Sometimes bonded orthodontic retainers are needed to maintain the alignment of teeth. Retention is used when teeth are in good alignment, whether naturally or as the result of orthodontic treatment. After all, you want to keep the straight teeth you were naturally gifted or that you achieved through orthodontia. Teeth can and often will shift throughout your lifetime for a number of reasons, from how you chew to if you tongue thrust or if you experience natural bone movement. If an orthodontist thinks a person’s lower teeth may shift undesirably, a bonded retainer may be recommended.
This device is just what it sounds like: a retainer that’s bonded, permanently, to the lower six teeth. It most often looks like a thin silver bar lining the inside of your teeth. It’s not seen when smiling, and rarely seen when talking or eating. Another person would have to get very close and personal to ever notice a bonded retainer. Plus, it has a relatively smooth surface, unlike traditional braces, so most wearers forget about it completely.
From a purely functional perspective, one of the major benefits of this type of retainer is to prevent crowding or shifting of teeth. A bond is basically a bridge between each tooth, and it can keep spacing correct for a lifetime. An added benefit is that bonded retainers can act as a splint when teeth are damaged, worn down or cracked. If the trauma is recent and requires dental care, the dentist may recommend a bonded retainer solely to keep the framework in place.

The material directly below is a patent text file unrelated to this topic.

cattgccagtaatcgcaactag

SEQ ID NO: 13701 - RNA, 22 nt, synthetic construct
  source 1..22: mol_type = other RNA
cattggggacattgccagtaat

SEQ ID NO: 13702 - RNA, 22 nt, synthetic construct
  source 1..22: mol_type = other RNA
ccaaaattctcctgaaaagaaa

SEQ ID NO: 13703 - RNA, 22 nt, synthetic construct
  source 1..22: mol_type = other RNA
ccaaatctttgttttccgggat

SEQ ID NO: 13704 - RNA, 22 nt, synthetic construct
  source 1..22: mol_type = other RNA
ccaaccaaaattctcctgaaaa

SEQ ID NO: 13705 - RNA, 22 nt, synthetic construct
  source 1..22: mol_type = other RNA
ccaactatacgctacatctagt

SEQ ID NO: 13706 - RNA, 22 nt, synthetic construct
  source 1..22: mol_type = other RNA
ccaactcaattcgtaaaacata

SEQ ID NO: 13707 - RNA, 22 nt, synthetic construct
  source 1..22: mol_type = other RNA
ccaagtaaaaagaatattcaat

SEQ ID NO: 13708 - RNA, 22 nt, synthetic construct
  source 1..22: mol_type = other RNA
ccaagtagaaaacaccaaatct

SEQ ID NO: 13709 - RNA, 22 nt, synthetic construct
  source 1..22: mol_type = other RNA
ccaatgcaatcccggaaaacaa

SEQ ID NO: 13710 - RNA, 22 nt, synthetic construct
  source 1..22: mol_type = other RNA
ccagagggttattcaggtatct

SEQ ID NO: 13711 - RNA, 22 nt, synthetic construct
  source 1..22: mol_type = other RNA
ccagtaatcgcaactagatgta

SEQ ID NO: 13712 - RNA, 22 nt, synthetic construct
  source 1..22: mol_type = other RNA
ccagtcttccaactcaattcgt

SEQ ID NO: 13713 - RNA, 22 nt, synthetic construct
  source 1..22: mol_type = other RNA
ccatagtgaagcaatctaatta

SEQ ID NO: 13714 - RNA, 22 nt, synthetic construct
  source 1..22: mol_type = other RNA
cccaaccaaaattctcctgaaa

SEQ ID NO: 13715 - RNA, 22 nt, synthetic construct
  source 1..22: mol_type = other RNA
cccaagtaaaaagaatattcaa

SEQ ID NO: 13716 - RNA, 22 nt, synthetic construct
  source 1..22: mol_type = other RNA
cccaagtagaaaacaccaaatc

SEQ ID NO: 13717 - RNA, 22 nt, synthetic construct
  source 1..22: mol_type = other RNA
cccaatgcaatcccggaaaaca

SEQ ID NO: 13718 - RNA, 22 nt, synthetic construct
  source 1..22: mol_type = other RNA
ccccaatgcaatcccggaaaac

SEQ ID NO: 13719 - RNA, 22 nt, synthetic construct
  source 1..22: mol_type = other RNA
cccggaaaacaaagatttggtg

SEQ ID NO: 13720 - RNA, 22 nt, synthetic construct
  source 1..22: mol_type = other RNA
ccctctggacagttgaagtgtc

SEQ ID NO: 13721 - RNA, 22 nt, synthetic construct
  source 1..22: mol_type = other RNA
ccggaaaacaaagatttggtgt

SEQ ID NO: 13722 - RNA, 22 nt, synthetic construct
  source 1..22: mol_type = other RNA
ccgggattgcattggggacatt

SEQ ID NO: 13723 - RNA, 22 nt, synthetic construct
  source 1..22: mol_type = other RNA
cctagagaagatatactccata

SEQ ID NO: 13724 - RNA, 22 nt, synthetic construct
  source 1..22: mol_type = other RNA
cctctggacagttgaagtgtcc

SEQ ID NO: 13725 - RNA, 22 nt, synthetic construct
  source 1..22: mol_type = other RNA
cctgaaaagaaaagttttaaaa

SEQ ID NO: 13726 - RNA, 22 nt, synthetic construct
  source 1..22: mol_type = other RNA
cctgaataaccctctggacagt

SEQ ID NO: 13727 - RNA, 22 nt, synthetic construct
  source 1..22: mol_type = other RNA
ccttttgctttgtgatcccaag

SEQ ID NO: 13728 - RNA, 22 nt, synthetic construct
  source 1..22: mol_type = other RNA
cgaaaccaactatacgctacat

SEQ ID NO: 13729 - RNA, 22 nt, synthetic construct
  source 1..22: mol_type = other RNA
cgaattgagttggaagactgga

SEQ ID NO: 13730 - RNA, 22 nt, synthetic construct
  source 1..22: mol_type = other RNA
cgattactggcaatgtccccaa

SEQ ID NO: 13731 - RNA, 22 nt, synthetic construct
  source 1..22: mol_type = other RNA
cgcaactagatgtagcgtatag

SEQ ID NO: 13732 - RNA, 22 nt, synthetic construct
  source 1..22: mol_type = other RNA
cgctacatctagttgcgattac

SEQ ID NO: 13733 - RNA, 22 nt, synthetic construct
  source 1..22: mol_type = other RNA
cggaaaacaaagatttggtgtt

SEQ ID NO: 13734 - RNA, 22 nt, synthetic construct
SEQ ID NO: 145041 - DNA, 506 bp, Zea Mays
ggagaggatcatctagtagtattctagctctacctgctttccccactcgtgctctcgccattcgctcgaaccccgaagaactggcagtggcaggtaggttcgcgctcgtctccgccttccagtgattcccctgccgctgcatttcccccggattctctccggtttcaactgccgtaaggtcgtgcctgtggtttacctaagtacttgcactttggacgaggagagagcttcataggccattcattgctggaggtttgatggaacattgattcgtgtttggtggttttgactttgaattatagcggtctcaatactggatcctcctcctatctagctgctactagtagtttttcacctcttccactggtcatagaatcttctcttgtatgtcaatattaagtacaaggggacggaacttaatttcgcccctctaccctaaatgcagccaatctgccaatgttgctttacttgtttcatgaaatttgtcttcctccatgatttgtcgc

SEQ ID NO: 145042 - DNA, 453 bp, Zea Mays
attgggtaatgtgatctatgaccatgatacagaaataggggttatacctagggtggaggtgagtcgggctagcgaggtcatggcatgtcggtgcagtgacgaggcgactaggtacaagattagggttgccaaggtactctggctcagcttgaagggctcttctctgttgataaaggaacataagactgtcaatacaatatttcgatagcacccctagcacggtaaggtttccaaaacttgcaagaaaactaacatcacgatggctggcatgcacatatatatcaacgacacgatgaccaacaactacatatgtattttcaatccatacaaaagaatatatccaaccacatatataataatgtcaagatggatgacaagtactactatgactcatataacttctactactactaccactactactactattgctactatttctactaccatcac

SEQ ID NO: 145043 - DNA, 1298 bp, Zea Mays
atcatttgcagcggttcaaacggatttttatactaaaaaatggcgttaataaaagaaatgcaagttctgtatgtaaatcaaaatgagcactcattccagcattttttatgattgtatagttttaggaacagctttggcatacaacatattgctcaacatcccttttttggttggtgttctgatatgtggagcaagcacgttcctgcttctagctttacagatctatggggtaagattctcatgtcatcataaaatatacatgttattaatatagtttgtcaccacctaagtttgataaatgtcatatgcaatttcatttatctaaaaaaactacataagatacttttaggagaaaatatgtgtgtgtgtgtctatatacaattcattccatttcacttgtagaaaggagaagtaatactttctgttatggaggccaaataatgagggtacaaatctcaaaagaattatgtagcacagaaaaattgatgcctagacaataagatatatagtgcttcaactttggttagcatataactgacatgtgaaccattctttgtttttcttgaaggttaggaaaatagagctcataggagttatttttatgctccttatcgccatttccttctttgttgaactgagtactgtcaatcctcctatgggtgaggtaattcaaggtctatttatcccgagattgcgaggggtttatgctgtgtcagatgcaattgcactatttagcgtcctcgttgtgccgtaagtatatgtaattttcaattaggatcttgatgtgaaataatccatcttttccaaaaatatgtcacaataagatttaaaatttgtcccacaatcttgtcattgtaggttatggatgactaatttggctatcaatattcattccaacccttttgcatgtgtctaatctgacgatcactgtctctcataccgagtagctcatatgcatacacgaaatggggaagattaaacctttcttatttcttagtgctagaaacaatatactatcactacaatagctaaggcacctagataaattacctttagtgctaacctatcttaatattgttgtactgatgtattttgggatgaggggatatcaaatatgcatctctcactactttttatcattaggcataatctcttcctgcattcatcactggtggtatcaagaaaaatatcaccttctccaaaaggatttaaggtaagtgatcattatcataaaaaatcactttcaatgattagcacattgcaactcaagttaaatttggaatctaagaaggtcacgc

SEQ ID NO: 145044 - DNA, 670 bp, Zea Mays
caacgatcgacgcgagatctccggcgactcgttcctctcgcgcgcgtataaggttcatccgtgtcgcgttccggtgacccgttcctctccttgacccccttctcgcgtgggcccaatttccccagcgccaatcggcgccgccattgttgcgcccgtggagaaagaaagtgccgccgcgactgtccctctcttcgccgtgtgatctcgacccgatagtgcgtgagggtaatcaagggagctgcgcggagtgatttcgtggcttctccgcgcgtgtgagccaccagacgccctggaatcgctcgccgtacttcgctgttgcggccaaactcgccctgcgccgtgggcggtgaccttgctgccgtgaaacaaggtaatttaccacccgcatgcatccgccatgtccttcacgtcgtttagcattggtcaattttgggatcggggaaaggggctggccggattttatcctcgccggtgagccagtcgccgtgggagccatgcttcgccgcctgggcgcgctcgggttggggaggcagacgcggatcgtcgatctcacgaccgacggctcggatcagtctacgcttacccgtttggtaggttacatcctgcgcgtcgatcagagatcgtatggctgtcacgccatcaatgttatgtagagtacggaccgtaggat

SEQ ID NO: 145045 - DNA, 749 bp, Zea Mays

Bonded retainers also offer aesthetic benefits. Unlike removable retainers, which may be visible, the bonded retainer is about as noteworthy as a back tooth filling. When it comes to strictly keeping teeth aligned, nothing works better and is more consistent than a bonded retainer. Many insurance policies cover this device and procedure, too, which can make it an affordable option.
Extending Your Investment
As many orthodontic patients know, getting your braces off or finishing that last Invisalign retainer doesn’t mean there isn’t more work to be done. In fact, many orthodontic patients have to care for their teeth additionally in some way for life. Often, this means preserving work that was time-consuming and costly. A bonded retainer is kind of like getting car insurance for that new vehicle. You want to make sure your investment is protected.
An orthodontist can discuss retainer options with you, including evaluating whether you are a good candidate for a bonded retainer. Consider it the icing on the cake of a great orthodontic bonded retainer plan, minus the sugary cavity-causing elements.